"Bear in mind that the wonderful things you learn in your schools are the work of many generations, produced by enthusiastic effort and infinite labor in every country of the world. All this is put into your hands as your inheritance in order that you may receive it, honor it, add to it, and one day faithfully hand it to your children. Thus do we mortals achieve immortality in the permanent things which we create in common." - Albert Einstein

Tuesday, April 19, 2016

The Role of Research in Schools

Education policy makers are often quick to claim that reforms they introduce are informed by research. Unfortunately, in education, there is usually a gap between research and practice. In the state of Mississippi, a study by the The Barksdale Reading Institute (BRI) and The Institutions of Higher Learning (IHL) found that established research-based principles of early-literacy instruction remain largely unapplied in teachers' preparation and practice. Teaching colleges fail to teach teachers practices that are currently supported by evidence. Consequently, practices that become widely used in classrooms are those unsupported by research. Often, these practices are even misinterpretations of what research says.

Click here to read the entire report
The research work the study focused on that is found largely missing in teaching colleges' curriculum is not actually that recent. BRI and IHL looked at teacher preparatory programs in Mississippi to check if  evidence-based practices documented by the National Reading Panel (NRP, 2000) are in fact covered.

Langenberg captures the essence of the NRP report in his testimony to the US Senate back in 2000:
To become good readers, children must develop:
  • Phonemic awareness
  • Phonics skills
  • The ability to read words in text in an accurate and fluent manner
  • The ability to apply comprehension strategies consciously and deliberately as they read
The NRP also adds that there is no clear evidence supporting the notion that reading silently to oneself improves reading fluency. However, the NRP does not discourage the practice of encouraging children to read on their own. What the NRP encourages is guided oral reading during which a child reads aloud to a teacher or parent or other students who can then provide immediate feedback.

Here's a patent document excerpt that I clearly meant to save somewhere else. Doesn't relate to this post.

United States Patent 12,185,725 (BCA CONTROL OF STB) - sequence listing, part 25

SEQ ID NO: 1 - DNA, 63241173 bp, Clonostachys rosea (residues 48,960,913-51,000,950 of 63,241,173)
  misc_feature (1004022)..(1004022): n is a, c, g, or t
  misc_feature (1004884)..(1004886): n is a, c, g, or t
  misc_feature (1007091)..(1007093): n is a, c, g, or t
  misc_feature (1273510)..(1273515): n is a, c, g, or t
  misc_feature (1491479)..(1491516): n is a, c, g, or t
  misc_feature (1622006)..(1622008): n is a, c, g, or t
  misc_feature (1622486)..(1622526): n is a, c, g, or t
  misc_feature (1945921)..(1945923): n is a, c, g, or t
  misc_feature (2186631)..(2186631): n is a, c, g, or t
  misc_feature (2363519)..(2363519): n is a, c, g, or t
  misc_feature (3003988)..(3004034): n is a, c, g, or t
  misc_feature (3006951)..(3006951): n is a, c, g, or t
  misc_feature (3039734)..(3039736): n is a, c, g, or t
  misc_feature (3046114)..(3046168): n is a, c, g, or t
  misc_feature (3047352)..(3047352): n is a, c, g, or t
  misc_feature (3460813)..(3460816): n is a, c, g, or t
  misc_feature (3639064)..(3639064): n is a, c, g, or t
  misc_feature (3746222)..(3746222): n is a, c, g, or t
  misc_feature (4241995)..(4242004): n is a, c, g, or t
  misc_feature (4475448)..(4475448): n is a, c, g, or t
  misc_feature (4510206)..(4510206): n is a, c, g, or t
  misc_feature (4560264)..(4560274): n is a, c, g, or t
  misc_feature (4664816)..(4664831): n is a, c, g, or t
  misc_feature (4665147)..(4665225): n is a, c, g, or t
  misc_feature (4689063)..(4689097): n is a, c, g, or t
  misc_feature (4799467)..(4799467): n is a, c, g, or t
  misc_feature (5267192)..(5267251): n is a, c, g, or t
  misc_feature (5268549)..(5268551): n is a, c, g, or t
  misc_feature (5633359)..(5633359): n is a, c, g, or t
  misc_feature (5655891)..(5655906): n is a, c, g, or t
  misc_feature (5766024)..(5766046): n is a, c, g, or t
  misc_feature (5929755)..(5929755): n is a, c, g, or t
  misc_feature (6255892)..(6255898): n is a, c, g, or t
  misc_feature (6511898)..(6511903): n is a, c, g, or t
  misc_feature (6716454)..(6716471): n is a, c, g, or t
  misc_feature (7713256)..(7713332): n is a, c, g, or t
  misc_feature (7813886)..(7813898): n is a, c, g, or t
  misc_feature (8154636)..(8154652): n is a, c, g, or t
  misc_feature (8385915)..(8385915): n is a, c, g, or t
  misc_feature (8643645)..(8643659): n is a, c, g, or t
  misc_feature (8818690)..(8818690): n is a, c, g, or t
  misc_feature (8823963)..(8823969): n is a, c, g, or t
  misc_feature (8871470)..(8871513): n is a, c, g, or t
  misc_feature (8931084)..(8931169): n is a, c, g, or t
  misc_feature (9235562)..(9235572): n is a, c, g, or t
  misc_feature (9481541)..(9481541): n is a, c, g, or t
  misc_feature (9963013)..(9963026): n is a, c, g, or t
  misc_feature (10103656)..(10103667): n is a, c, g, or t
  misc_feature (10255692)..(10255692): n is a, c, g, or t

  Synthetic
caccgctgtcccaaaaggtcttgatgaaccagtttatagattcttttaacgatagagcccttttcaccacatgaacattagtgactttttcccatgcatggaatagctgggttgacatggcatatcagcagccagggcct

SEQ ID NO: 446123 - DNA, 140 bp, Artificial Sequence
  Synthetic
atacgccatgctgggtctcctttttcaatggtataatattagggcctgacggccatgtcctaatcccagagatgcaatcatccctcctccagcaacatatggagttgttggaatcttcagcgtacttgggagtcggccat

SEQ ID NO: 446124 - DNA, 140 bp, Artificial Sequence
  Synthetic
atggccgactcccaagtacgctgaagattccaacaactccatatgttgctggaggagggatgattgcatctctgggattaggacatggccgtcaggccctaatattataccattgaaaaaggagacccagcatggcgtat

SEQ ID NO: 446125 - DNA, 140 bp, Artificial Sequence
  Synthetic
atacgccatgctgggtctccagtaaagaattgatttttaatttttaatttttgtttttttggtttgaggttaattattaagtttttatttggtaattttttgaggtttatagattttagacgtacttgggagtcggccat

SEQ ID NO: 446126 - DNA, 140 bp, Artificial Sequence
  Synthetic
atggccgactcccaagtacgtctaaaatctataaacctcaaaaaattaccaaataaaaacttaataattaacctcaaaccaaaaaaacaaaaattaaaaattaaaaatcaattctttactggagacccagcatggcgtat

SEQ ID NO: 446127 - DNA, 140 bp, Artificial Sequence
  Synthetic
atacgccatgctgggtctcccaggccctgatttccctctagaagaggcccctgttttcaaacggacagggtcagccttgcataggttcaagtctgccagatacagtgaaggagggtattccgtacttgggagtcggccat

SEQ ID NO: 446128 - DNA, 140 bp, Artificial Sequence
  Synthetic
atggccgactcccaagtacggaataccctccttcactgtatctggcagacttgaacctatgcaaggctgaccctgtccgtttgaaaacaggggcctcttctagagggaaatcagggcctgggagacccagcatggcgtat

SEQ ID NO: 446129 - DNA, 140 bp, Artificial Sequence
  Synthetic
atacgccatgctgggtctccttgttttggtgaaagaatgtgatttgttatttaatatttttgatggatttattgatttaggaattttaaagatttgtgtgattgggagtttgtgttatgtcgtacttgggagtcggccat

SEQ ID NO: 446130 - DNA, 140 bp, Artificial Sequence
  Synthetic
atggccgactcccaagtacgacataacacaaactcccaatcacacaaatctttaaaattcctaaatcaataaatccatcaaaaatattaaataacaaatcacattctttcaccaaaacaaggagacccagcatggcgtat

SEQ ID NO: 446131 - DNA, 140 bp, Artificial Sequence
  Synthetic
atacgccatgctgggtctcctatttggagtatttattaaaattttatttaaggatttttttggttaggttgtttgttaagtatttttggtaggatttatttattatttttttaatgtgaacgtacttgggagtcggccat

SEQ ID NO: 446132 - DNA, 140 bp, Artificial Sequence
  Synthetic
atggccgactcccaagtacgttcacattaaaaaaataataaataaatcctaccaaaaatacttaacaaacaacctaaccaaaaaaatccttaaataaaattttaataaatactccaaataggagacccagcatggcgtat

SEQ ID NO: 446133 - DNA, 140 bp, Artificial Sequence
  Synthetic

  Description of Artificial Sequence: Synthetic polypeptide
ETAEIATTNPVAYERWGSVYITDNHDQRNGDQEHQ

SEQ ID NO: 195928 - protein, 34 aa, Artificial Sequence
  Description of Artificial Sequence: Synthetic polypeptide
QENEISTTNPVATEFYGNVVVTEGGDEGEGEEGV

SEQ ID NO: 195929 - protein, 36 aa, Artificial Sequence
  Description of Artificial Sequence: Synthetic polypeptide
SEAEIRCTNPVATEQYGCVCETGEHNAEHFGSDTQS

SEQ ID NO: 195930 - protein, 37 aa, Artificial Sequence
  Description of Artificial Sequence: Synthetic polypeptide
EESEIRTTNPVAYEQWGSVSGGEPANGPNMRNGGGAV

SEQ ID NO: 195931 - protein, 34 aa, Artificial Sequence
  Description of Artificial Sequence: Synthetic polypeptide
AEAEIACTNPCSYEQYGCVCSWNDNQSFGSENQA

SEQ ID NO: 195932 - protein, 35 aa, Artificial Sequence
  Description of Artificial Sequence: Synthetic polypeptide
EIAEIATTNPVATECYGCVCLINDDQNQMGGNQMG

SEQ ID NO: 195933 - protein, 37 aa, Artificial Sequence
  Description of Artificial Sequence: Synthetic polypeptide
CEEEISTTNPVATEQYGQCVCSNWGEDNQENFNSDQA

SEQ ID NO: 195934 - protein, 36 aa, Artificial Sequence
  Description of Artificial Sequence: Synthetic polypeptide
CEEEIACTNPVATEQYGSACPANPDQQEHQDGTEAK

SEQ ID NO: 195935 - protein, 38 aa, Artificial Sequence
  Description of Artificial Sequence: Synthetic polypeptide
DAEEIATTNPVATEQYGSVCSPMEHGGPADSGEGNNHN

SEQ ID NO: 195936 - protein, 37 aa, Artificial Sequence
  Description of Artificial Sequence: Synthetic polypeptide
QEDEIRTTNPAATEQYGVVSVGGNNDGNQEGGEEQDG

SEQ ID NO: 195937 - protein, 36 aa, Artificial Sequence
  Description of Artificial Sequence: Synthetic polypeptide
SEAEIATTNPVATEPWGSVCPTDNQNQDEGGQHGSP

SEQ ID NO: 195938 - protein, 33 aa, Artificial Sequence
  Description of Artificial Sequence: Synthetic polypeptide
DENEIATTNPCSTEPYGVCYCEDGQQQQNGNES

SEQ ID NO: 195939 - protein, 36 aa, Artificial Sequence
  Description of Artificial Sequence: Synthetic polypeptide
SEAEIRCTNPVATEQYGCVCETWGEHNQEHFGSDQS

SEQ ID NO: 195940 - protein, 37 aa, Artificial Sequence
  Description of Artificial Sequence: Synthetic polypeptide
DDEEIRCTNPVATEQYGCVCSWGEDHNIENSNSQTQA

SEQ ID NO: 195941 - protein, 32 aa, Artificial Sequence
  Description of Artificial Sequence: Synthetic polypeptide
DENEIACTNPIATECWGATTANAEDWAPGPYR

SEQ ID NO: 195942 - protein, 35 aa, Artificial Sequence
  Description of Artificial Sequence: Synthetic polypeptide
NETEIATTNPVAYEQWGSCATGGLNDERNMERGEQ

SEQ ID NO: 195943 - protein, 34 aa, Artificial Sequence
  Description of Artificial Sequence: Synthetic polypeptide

Instead of emphasizing practices supported by research, the study finds responses from teachers that paint a preparatory program that is more concerned with form and not substance. Jackie Mader at the Hechinger Report describes the major findings of the study in the following paragraph:
The authors of the report spoke to aspiring educators in Mississippi’s teacher prep programs and found “very limited and conflicting knowledge” about how to teach early literacy skills. Some teacher prep students said their assignments failed to prepare them to teach reading, and for example, instead of being graded on the content of their work or given meaningful assignments, they were graded on the organization of their notebooks and were given tasks like reading 100 children’s books. Overall, research-based practices for teaching reading were found to be missing throughout teacher preparation programs in the state.
The NRP report finds that explicit instruction is necessary for phonemic awareness, phonics, vocabulary, and strategies for recalling information, formulating questions, and summarizing. These are all separate components with each one requiring our attention. Each one needs to be addressed and not merely embedded or appended.

When Mississippi started to assess third graders on reading, thousands failed. Mississippi also ranks below average in reading compared to other states. In the Philippines, exam scores of third graders are actually worse.



In English and Filipino, third graders are scoring far below the goal of 75 percent. One must therefore ask the question how teachers are being prepared and taught to teach.

A cursory look at DepEd's K to 12 curriculum in third grade English shows some of the elements recommended by the National Reading Panel in the US. However, one must ask the question of how possible it is to squeeze all of these components in two weeks.




There is certainly research that guides us on what practices are effective. The main problem is that the message often does not reach the teachers. This leaves teachers in a position where they are simply unable to judge what really works and what really is important. And even when they are told, they are left alone to figure out the implementation or application.


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